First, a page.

Recently I wrote my first article for a publication. What an experience that was. Writing on a blog almost no one reads has much less pressure than writing for a magazine that actual has a readership. The article itself was relatively easy but I learned my fair share for the editing process, which I need to write up later. In the mean time, here is the link to my article.
This was a great book for those looking to get their feet wet with MongoDB. PHP And MongoDB covered many more topics than many of the MongoDB books I have read recently and while I am not a PHP developer gave me a few more ways to leverage MongoDB in my day to day work.
I especially enjoyed the chapters on Geospatial functionality and the GridFS system. Both of these topics we handled throughly and are typically glossed over in other books.
The one place I felt this book was light was the operations and administration side of things. Nowadays, many developers are handling operations as well and I feel that those topics could be explored further in books like this.
All in all, I would recommend anyone in web development looking for somewhere to start with MongoDB pick up this book and give it a read.
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Seven Databases in Seven Weeks is a great book for giving you an overview of the latest databases in the different segments out there. It is definitely an entry level chapter on each system that will let you know whether or not to pursue it further with more in depth material.
Anyone curious about what is available besides the de facto SQL standard offerings should give this book a read.
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Your metrics are showing a decrease in performance and users are starting to complain. You start digging through the performance metrics, source code and your stack to find inefficiencies and places you can gain that performance back. What if you do not find any low hanging fruit and solutions are going to be invasive, complicated and time consuming? While those things may need to be done, do not just dive in and start the surgery, stop and ask who am I doing this for?
Humans are driven by numbers. Why do you think there are some many top 10 lists, 5 easy steps to be a guru, etc? Most developers just start attacking the problem with the goal being to get those numbers back in an acceptable range. Maybe they through up some caching, rewrite some queries or upgrade a server. Ultimately they get the numbers back into that arbitrary acceptable range, wrote some fancy code and might have wasted their time.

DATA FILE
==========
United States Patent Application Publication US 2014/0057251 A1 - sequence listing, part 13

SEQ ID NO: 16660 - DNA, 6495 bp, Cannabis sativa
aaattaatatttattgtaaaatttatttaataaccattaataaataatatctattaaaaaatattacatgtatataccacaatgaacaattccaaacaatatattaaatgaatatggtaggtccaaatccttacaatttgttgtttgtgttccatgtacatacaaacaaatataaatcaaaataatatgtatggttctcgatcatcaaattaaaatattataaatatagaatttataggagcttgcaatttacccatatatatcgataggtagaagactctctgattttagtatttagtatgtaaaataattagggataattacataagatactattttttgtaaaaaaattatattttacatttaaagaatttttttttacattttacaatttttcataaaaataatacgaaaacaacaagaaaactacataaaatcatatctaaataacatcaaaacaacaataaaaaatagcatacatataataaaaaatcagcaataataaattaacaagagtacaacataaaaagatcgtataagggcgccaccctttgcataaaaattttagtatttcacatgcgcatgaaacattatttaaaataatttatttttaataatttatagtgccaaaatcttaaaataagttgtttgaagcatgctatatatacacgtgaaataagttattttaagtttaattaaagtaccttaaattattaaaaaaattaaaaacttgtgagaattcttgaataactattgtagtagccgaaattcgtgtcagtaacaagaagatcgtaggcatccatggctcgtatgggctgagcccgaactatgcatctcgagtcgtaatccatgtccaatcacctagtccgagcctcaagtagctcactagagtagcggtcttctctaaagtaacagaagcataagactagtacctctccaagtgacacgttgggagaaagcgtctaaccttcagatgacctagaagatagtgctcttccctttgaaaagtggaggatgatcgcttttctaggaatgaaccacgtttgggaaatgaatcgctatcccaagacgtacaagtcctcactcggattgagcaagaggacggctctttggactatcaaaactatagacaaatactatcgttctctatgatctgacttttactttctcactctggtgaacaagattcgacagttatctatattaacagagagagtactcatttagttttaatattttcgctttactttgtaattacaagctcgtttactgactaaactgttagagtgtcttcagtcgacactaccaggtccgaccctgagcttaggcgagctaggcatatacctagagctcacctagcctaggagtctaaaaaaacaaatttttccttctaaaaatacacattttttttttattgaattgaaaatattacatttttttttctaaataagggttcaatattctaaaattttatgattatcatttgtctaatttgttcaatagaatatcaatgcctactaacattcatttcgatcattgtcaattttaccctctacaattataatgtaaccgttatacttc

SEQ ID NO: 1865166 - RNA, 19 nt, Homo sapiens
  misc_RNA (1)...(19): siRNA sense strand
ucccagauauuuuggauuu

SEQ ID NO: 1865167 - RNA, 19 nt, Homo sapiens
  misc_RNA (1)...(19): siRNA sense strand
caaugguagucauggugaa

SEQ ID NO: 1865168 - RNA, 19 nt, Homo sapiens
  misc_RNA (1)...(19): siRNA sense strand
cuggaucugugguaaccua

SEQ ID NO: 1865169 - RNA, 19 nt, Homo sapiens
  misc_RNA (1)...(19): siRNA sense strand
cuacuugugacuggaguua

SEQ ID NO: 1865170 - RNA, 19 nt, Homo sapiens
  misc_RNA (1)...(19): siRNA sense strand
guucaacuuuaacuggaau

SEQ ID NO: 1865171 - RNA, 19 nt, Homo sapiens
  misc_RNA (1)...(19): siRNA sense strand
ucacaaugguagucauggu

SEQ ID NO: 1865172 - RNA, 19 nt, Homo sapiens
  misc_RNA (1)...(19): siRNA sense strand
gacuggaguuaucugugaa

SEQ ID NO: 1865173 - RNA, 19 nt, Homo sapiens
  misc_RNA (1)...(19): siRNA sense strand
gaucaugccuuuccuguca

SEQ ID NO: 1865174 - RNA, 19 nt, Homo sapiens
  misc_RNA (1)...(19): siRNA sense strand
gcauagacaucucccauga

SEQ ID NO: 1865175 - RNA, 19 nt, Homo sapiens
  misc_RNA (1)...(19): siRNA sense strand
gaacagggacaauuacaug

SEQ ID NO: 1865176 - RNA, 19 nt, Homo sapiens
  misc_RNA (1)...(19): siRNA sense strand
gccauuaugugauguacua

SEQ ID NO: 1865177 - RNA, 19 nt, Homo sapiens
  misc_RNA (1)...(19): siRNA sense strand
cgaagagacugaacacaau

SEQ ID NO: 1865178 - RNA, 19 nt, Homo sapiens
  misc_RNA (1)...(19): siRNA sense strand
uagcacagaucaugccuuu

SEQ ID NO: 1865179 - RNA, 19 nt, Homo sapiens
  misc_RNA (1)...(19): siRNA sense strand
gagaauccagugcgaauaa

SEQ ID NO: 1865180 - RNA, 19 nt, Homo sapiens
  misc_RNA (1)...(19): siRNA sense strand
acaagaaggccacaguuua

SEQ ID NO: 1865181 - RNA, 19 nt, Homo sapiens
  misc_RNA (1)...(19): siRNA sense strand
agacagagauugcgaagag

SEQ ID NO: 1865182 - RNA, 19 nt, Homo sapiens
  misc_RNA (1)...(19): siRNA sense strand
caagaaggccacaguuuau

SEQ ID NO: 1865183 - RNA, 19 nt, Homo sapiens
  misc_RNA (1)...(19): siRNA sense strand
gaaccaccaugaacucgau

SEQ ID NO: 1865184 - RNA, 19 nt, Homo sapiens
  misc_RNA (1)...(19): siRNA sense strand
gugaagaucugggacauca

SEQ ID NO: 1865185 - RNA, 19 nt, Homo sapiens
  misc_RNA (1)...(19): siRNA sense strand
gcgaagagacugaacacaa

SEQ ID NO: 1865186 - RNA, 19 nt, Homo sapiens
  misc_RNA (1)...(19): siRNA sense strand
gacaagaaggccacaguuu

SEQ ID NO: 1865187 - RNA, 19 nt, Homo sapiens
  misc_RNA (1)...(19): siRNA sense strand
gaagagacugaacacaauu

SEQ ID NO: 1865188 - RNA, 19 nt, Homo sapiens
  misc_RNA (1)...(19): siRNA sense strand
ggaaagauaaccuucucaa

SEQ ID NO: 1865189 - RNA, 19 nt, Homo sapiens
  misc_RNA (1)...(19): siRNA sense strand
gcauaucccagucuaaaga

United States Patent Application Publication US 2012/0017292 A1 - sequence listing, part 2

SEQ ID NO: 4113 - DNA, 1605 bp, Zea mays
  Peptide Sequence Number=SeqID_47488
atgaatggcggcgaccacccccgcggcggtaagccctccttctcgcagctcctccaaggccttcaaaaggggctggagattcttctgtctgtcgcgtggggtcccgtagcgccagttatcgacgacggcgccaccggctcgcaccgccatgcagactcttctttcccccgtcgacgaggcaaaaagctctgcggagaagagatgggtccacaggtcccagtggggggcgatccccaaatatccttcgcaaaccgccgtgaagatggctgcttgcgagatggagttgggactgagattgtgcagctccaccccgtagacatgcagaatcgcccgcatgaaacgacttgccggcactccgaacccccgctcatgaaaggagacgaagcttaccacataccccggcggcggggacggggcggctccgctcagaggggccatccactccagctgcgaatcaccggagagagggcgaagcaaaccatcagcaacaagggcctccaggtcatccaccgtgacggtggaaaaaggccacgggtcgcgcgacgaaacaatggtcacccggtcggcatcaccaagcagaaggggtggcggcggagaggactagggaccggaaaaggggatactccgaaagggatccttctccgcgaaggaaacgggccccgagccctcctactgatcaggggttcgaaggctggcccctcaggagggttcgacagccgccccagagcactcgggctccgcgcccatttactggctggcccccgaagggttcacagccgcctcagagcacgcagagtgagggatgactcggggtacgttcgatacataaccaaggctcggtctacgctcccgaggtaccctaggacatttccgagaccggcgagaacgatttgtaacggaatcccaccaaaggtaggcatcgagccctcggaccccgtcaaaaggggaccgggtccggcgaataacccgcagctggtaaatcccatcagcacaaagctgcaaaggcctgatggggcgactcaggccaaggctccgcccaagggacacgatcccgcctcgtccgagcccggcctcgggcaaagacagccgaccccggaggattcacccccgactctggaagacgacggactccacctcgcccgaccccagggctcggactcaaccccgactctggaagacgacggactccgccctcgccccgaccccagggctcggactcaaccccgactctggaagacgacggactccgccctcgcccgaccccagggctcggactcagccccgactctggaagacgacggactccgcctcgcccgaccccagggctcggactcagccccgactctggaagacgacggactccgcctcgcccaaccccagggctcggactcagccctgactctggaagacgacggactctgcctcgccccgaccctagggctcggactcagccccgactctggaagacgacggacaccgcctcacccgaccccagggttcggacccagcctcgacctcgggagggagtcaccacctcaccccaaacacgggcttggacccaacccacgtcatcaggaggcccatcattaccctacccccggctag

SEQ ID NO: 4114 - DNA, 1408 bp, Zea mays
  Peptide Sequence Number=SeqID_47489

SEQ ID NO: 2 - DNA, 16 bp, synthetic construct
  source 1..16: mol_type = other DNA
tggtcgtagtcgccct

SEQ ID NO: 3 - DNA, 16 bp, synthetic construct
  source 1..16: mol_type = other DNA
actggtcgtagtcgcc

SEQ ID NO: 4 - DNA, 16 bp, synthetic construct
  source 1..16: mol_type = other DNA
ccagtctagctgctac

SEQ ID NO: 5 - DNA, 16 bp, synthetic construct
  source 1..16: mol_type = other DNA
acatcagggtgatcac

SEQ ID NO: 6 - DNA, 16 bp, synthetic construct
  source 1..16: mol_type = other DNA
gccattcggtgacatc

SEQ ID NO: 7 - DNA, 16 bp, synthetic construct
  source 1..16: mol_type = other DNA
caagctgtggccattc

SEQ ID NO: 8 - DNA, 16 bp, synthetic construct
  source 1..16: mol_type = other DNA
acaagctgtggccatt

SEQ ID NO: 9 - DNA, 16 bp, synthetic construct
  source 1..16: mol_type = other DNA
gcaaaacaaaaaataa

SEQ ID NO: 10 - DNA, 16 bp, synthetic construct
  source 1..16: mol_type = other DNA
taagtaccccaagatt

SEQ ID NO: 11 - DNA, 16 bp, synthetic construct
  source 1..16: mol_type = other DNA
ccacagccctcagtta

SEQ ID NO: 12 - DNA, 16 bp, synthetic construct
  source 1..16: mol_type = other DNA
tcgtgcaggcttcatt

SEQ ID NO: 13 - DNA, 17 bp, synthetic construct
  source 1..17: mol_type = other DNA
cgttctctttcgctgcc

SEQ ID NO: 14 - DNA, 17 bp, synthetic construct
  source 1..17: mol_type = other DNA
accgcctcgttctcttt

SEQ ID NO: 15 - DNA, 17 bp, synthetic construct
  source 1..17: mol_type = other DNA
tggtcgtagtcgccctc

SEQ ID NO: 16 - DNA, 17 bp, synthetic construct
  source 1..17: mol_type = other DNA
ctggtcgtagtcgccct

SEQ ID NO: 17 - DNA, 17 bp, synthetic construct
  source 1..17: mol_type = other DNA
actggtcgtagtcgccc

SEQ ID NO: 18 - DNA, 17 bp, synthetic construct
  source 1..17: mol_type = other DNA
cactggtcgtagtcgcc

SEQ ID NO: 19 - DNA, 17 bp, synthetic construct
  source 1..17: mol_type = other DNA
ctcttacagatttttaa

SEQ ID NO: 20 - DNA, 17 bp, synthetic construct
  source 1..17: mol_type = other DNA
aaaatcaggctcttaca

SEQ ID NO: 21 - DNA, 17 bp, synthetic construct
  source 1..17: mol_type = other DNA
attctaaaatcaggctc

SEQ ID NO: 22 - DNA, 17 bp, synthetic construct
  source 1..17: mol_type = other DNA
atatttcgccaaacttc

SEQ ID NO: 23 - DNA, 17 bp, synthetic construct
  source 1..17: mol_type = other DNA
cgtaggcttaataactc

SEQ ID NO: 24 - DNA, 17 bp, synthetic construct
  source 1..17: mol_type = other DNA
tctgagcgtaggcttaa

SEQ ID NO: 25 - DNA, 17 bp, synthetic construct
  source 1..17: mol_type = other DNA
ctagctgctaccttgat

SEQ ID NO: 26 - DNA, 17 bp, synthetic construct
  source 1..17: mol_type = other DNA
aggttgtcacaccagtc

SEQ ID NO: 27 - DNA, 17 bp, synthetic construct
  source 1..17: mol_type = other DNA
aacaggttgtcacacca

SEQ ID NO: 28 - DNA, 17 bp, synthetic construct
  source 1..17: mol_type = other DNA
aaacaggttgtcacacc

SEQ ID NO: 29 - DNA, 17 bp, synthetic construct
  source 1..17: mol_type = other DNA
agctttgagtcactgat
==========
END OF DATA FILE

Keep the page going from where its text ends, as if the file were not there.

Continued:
Yes, I said wasted their time. We need to step back and look at more than the performance numbers. Look at the analytics for your app. What does the actual user usage look like? How does that data looked when overlaid on your performance metrics? Look for the patterns and correlation of the datasets. The insight you gain might surprise you and point you to where the real problem lies. If you find a rarely used feature(s) seriously consider removing them. You may be surprised how one such feature can bottleneck the system.
Removing a feature that is causing a table lock or extreme CPU spikes can free up those resources allowing the rest of the site to flow and with the usage data you can assess how valuable that feature really is. If you can’t decide one way or the other, ask your users. At the end of the day you may need that feature but your users can live without it for increased performance while you work on a better long term solution.
Don’t be afraid of throwing that hard work in trash. While it may seem like your app is moving backwards what you are really doing is improving your user experience, code and performance maintainability and doing so with the right combination of data to back up this decision.